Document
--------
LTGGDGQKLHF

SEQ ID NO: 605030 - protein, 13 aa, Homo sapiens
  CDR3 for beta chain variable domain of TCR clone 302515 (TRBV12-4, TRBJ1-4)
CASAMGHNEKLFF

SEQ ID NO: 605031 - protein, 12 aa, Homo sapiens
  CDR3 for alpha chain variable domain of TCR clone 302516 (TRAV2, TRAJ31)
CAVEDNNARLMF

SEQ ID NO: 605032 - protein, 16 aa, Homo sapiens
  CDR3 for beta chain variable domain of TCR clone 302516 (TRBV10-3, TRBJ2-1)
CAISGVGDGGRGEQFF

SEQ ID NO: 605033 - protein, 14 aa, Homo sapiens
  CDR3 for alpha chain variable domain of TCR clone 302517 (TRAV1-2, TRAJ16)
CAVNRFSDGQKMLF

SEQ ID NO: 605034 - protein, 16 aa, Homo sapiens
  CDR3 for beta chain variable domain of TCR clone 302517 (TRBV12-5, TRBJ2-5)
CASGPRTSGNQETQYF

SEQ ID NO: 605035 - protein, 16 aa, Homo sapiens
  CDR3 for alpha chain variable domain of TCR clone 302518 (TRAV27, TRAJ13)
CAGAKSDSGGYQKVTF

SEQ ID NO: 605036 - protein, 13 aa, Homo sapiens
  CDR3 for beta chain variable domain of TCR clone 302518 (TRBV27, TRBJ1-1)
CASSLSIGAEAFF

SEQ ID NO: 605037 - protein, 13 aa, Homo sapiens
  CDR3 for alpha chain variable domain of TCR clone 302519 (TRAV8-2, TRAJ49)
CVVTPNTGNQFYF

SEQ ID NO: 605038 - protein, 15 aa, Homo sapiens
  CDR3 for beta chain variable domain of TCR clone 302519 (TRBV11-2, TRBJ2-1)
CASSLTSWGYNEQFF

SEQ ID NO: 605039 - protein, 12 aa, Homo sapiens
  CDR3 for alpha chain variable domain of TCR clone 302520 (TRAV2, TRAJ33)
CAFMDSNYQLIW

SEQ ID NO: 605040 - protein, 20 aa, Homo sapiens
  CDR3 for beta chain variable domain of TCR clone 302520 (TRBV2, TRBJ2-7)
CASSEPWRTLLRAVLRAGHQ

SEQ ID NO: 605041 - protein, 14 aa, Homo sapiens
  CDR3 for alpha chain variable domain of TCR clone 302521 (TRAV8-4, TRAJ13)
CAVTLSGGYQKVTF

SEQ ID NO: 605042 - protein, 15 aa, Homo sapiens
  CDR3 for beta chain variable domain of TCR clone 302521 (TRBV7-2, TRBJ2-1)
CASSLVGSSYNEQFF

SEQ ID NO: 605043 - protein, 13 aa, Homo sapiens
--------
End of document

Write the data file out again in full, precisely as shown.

LTGGDGQKLHF

SEQ ID NO: 605030 - protein, 13 aa, Homo sapiens
  CDR3 for beta chain variable domain of TCR clone 302515 (TRBV12-4, TRBJ1-4)
CASAMGHNEKLFF

SEQ ID NO: 605031 - protein, 12 aa, Homo sapiens
  CDR3 for alpha chain variable domain of TCR clone 302516 (TRAV2, TRAJ31)
CAVEDNNARLMF

SEQ ID NO: 605032 - protein, 16 aa, Homo sapiens
  CDR3 for beta chain variable domain of TCR clone 302516 (TRBV10-3, TRBJ2-1)
CAISGVGDGGRGEQFF

SEQ ID NO: 605033 - protein, 14 aa, Homo sapiens
  CDR3 for alpha chain variable domain of TCR clone 302517 (TRAV1-2, TRAJ16)
CAVNRFSDGQKMLF

SEQ ID NO: 605034 - protein, 16 aa, Homo sapiens
  CDR3 for beta chain variable domain of TCR clone 302517 (TRBV12-5, TRBJ2-5)
CASGPRTSGNQETQYF

SEQ ID NO: 605035 - protein, 16 aa, Homo sapiens
  CDR3 for alpha chain variable domain of TCR clone 302518 (TRAV27, TRAJ13)
CAGAKSDSGGYQKVTF

SEQ ID NO: 605036 - protein, 13 aa, Homo sapiens
  CDR3 for beta chain variable domain of TCR clone 302518 (TRBV27, TRBJ1-1)
CASSLSIGAEAFF

SEQ ID NO: 605037 - protein, 13 aa, Homo sapiens
  CDR3 for alpha chain variable domain of TCR clone 302519 (TRAV8-2, TRAJ49)
CVVTPNTGNQFYF

SEQ ID NO: 605038 - protein, 15 aa, Homo sapiens
  CDR3 for beta chain variable domain of TCR clone 302519 (TRBV11-2, TRBJ2-1)
CASSLTSWGYNEQFF

SEQ ID NO: 605039 - protein, 12 aa, Homo sapiens
  CDR3 for alpha chain variable domain of TCR clone 302520 (TRAV2, TRAJ33)
CAFMDSNYQLIW

SEQ ID NO: 605040 - protein, 20 aa, Homo sapiens
  CDR3 for beta chain variable domain of TCR clone 302520 (TRBV2, TRBJ2-7)
CASSEPWRTLLRAVLRAGHQ

SEQ ID NO: 605041 - protein, 14 aa, Homo sapiens
  CDR3 for alpha chain variable domain of TCR clone 302521 (TRAV8-4, TRAJ13)
CAVTLSGGYQKVTF

SEQ ID NO: 605042 - protein, 15 aa, Homo sapiens
  CDR3 for beta chain variable domain of TCR clone 302521 (TRBV7-2, TRBJ2-1)
CASSLVGSSYNEQFF

SEQ ID NO: 605043 - protein, 13 aa, Homo sapiens